“Hot, sexy, and everything cute. These were the ingredients I chose to create the perfect Megababe. But who are these glamorous, gorgeous people? Well, Megababes came from my own experience growing up in a working-class environment, being influenced by pop culture phenomenons, superstars, television, and the pre-internet celebrity. I dove into the roots of my persona, to my earliest memories, searching for that child’s curiosity to find the courage to experiment with bright, loud materials, while moving my mother’s and grandmother’s handcraft lessons into this generation. As a child, I had to build my world around myself from toys that I had either collected or made myself. This collection really is the same, full of hand-knitted and crocheted pieces, building a world from the vestiges of the past – from the trash, recycling centres, and my own friends. Eeek! Hot and famous MegaBabes are coming, watch out!!”


“Titled Party Girls, this collection illustrates an intermingling of seven party girls, taking cues from Pina Bausch’s Die Klage Der Kaiserin. My methods include working with found materials and replicas, deconstructing the traditional party dress and its form, revealing the body in various states of undress, using draping and couture finishings. Each piece is likely to change over time due to the kind of reinforcements used and the nature of the materials, including acetates and lots of natural fibres. At the heart of the collection is collaboration, from the conversations I had with my friends throughout the process to the production of wigs and shoes which I made with an atelier of close colleagues.”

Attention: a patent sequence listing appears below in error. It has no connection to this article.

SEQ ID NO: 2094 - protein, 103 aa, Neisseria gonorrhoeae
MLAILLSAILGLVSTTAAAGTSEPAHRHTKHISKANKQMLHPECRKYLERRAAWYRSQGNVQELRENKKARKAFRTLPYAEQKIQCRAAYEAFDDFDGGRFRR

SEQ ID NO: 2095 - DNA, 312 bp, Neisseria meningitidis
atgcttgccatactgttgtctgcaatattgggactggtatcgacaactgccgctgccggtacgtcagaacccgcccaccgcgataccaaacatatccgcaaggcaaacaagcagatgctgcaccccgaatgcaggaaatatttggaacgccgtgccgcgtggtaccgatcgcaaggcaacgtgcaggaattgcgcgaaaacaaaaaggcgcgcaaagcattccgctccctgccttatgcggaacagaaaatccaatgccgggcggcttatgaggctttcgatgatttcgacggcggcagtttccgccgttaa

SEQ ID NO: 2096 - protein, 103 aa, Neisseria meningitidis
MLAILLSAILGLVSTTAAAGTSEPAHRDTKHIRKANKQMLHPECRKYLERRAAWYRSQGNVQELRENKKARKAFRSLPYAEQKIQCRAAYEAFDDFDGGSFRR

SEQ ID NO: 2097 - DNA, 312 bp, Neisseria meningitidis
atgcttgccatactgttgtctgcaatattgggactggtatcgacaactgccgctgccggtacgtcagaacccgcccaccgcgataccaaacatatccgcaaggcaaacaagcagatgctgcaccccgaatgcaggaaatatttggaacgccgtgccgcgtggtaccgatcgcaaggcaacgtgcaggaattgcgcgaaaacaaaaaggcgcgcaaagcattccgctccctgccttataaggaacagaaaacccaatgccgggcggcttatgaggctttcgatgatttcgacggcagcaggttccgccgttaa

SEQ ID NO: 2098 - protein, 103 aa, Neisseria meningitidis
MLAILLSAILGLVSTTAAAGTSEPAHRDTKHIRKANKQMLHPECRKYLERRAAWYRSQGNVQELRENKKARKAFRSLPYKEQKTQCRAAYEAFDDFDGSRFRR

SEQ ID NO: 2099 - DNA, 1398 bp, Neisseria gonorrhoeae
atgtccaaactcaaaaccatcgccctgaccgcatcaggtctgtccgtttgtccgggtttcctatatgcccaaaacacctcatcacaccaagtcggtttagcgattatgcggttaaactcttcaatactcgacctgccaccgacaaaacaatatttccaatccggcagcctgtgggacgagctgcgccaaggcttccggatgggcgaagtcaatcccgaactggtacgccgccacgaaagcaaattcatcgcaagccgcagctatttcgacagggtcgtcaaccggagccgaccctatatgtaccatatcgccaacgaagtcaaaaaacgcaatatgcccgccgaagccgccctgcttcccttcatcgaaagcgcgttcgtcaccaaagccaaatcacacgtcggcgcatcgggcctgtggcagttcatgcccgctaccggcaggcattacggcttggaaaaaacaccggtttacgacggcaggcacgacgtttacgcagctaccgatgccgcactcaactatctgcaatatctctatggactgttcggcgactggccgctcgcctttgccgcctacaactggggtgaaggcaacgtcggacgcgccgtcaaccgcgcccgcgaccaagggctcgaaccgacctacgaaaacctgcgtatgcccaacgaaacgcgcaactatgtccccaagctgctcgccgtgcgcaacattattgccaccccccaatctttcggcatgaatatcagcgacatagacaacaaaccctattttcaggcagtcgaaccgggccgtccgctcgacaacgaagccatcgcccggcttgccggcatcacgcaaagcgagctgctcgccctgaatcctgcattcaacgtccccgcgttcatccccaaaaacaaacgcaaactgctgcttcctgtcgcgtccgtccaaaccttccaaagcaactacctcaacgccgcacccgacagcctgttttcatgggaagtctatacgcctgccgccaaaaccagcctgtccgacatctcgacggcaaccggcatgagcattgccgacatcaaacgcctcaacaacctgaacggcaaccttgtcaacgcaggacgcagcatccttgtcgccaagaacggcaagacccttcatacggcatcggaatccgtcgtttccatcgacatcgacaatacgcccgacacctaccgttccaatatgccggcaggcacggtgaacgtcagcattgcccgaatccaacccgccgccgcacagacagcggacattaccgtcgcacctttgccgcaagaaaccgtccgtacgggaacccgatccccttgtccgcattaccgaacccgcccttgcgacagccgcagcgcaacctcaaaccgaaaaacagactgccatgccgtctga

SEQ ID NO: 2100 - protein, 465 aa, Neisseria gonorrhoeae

“My collection is a queer-feminist depiction of Finnish witchcraft. Each look is a non-male character from Finnish mythology, embodying five characters: Louhi is the goddess of the underworld and the mother of diseases, who got impregnated by the wind; Kiputyttö collects the pains of the people on pain mountain; Vellamo is the goddess of water; Kaveh is a mysterious non-binary creature of the forest; and Syöjätär eats cis-men who get lost in the forest. All pieces are made of abandoned materials that I have collected from second hand shops throughout the year – I like the idea that the history and the energy of these materials are somehow intertwined with the collection. My approach to fashion is like textile sculpting, feeling the nature and energy of the material, hand-knitting, wet-felting, and needle-felting pictures, text, and three-dimensional shapes together. My way of working is very intuitive, physical, and performative. I start all my clothes blindfolded, feeling my way through the visual world and atmosphere I want to create. I let the movement of my body and the materials lead the process.”


“This is all about Finnish car culture. The idea first came to me while I was driving home from the  countryside. Having gone for several hours straight, I started to feel like I was melting into the road and becoming one with the car. I started to see the asphalt as a long sheet of dark denim. Most of my research concentrates on car-tuning and kortteliralli (AKA cruising) and the people who inhabit those worlds. I sourced materials from Instagram and online forums like IRC-Galleria, taking pictures on the street and inside parking garages. I’ve drawn as much inspiration from the people as I have their cars. The most important design method for me was acquiring actual car stuff and playing with it. For example, I transformed a couple of car benches into garments and a car cover into a dress. I really see cars as a self-expression tool. A car, much like clothes, serves as a human’s outer shell. Only here, I’ve mixed elements of the driver and the  driver’s vehicle into one.”